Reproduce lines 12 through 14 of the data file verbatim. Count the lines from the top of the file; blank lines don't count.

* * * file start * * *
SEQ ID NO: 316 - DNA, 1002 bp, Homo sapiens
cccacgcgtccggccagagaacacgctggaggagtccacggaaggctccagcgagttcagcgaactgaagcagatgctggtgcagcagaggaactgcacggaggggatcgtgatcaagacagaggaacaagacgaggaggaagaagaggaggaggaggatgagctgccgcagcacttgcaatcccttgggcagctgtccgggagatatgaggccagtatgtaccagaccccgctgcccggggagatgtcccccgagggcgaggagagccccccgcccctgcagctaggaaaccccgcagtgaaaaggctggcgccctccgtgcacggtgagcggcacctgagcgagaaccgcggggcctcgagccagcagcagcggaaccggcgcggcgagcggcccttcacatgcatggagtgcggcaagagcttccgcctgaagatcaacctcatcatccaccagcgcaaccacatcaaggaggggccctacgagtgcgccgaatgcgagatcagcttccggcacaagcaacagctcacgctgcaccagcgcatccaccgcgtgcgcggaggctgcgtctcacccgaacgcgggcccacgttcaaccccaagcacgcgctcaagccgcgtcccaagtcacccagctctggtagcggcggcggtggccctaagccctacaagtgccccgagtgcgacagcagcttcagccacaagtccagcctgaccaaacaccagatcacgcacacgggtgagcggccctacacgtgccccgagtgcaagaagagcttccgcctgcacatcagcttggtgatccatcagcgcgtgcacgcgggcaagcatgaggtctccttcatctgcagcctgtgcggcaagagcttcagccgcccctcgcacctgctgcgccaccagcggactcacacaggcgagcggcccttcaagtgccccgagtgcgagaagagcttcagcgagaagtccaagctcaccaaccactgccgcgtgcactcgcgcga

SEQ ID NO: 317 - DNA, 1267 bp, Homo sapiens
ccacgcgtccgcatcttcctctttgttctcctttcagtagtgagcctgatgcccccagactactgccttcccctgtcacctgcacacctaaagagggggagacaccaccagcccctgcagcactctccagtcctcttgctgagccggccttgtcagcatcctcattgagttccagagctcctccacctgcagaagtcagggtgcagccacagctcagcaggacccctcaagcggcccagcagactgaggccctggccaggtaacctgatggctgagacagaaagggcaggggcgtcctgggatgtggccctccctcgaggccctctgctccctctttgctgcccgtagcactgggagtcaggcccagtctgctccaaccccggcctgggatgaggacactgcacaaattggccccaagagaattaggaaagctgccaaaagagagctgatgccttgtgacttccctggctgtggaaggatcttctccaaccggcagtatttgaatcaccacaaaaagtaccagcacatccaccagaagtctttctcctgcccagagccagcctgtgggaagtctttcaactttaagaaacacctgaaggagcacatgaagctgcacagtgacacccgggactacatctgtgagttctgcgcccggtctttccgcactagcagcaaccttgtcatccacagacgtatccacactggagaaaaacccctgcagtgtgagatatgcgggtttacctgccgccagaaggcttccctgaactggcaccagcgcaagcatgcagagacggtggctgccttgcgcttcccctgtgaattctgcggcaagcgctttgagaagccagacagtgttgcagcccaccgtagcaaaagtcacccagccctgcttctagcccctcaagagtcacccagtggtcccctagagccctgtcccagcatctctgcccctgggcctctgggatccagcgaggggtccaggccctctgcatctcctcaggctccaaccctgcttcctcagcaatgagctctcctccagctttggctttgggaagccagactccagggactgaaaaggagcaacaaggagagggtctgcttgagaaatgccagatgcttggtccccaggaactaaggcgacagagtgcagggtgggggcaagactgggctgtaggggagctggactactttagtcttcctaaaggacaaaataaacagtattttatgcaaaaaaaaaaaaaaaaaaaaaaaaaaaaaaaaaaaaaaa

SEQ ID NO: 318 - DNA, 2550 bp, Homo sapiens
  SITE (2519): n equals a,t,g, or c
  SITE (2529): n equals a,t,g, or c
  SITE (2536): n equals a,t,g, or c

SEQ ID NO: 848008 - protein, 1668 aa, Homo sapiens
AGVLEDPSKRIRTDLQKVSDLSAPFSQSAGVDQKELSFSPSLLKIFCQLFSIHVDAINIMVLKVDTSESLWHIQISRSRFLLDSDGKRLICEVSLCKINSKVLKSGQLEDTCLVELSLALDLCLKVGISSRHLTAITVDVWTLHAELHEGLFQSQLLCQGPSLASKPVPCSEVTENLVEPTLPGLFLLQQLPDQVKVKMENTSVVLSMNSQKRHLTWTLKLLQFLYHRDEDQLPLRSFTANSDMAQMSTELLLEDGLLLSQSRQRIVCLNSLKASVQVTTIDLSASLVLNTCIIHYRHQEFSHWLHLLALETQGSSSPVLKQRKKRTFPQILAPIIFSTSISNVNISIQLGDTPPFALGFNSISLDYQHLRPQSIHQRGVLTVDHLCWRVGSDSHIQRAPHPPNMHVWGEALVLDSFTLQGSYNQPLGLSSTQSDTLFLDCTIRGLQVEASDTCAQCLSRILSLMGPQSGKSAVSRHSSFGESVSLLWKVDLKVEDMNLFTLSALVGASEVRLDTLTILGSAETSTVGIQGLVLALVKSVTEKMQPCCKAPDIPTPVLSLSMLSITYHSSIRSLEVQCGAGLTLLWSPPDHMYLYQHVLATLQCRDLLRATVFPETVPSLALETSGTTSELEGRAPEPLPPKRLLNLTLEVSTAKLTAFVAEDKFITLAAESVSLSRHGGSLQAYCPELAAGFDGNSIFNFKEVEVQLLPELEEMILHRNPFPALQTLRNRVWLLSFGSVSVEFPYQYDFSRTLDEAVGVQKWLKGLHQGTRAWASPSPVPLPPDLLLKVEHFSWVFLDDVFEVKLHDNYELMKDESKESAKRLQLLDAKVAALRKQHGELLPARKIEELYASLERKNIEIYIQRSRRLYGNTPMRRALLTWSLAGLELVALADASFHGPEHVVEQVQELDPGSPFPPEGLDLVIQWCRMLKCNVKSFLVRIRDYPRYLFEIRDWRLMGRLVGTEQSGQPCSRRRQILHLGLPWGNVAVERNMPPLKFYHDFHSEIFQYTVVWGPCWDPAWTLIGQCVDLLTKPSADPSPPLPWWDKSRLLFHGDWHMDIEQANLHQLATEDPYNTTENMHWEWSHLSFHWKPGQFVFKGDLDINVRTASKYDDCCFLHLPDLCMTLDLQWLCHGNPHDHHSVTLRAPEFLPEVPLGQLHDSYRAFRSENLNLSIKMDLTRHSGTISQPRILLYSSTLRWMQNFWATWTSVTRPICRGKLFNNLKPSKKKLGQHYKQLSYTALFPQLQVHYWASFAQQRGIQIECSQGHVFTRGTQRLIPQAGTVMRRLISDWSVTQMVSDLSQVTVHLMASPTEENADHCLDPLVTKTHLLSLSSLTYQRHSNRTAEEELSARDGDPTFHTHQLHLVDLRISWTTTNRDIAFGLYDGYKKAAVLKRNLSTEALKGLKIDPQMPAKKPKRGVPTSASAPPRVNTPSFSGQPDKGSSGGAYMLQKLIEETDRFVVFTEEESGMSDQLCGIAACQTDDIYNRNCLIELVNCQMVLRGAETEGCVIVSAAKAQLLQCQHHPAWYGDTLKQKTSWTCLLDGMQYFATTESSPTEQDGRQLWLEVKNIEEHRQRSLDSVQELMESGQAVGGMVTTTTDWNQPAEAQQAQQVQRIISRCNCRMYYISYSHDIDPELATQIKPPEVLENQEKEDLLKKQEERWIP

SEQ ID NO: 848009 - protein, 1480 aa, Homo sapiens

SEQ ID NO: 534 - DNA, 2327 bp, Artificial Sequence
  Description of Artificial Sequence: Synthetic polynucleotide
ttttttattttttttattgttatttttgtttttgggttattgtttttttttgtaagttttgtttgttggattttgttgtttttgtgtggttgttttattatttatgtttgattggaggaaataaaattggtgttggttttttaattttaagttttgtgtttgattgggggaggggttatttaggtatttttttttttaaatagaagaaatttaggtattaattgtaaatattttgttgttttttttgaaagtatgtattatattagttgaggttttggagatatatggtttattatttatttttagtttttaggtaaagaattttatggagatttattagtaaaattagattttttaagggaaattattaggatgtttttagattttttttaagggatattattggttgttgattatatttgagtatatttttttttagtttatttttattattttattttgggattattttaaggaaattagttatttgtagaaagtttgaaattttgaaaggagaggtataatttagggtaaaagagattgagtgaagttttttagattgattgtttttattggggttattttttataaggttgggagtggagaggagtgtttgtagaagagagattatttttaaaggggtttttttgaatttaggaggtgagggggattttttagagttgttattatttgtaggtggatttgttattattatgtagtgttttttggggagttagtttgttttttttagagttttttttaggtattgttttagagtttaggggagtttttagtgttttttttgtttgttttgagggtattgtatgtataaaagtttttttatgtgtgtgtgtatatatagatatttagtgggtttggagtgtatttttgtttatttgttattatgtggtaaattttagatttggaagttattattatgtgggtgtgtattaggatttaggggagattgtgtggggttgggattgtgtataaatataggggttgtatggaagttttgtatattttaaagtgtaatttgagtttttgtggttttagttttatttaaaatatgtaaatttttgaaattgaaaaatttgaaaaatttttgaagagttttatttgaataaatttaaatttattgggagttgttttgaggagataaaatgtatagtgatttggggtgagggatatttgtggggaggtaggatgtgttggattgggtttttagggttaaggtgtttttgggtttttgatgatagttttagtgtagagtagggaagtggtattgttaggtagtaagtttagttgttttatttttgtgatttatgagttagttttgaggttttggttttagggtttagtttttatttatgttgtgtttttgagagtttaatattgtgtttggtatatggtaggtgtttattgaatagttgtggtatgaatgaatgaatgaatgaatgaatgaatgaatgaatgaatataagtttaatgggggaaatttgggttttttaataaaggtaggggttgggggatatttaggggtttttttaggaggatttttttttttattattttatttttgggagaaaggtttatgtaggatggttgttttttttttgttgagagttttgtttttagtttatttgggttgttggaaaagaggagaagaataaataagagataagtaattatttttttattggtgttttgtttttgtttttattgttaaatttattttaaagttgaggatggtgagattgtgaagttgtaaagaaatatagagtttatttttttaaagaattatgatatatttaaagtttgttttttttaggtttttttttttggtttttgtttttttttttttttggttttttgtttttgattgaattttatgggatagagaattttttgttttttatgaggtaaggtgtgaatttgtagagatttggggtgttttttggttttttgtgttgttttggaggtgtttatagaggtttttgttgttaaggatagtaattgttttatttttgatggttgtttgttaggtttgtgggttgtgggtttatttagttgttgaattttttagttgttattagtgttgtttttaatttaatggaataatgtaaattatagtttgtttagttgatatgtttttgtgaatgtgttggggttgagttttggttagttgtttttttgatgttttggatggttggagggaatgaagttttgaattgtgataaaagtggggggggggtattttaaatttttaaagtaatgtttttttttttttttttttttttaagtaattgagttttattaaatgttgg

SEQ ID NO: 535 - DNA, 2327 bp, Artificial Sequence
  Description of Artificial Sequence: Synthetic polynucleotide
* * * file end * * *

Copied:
SEQ ID NO: 534 - DNA, 2327 bp, Artificial Sequence
  Description of Artificial Sequence: Synthetic polynucleotide
ttttttattttttttattgttatttttgtttttgggttattgtttttttttgtaagttttgtttgttggattttgttgtttttgtgtggttgttttattatttatgtttgattggaggaaataaaattggtgttggttttttaattttaagttttgtgtttgattgggggaggggttatttaggtatttttttttttaaatagaagaaatttaggtattaattgtaaatattttgttgttttttttgaaagtatgtattatattagttgaggttttggagatatatggtttattatttatttttagtttttaggtaaagaattttatggagatttattagtaaaattagattttttaagggaaattattaggatgtttttagattttttttaagggatattattggttgttgattatatttgagtatatttttttttagtttatttttattattttattttgggattattttaaggaaattagttatttgtagaaagtttgaaattttgaaaggagaggtataatttagggtaaaagagattgagtgaagttttttagattgattgtttttattggggttattttttataaggttgggagtggagaggagtgtttgtagaagagagattatttttaaaggggtttttttgaatttaggaggtgagggggattttttagagttgttattatttgtaggtggatttgttattattatgtagtgttttttggggagttagtttgttttttttagagttttttttaggtattgttttagagtttaggggagtttttagtgttttttttgtttgttttgagggtattgtatgtataaaagtttttttatgtgtgtgtgtatatatagatatttagtgggtttggagtgtatttttgtttatttgttattatgtggtaaattttagatttggaagttattattatgtgggtgtgtattaggatttaggggagattgtgtggggttgggattgtgtataaatataggggttgtatggaagttttgtatattttaaagtgtaatttgagtttttgtggttttagttttatttaaaatatgtaaatttttgaaattgaaaaatttgaaaaatttttgaagagttttatttgaataaatttaaatttattgggagttgttttgaggagataaaatgtatagtgatttggggtgagggatatttgtggggaggtaggatgtgttggattgggtttttagggttaaggtgtttttgggtttttgatgatagttttagtgtagagtagggaagtggtattgttaggtagtaagtttagttgttttatttttgtgatttatgagttagttttgaggttttggttttagggtttagtttttatttatgttgtgtttttgagagtttaatattgtgtttggtatatggtaggtgtttattgaatagttgtggtatgaatgaatgaatgaatgaatgaatgaatgaatgaatgaatataagtttaatgggggaaatttgggttttttaataaaggtaggggttgggggatatttaggggtttttttaggaggatttttttttttattattttatttttgggagaaaggtttatgtaggatggttgttttttttttgttgagagttttgtttttagtttatttgggttgttggaaaagaggagaagaataaataagagataagtaattatttttttattggtgttttgtttttgtttttattgttaaatttattttaaagttgaggatggtgagattgtgaagttgtaaagaaatatagagtttatttttttaaagaattatgatatatttaaagtttgttttttttaggtttttttttttggtttttgtttttttttttttttggttttttgtttttgattgaattttatgggatagagaattttttgttttttatgaggtaaggtgtgaatttgtagagatttggggtgttttttggttttttgtgttgttttggaggtgtttatagaggtttttgttgttaaggatagtaattgttttatttttgatggttgtttgttaggtttgtgggttgtgggtttatttagttgttgaattttttagttgttattagtgttgtttttaatttaatggaataatgtaaattatagtttgtttagttgatatgtttttgtgaatgtgttggggttgagttttggttagttgtttttttgatgttttggatggttggagggaatgaagttttgaattgtgataaaagtggggggggggtattttaaatttttaaagtaatgtttttttttttttttttttttttaagtaattgagttttattaaatgttgg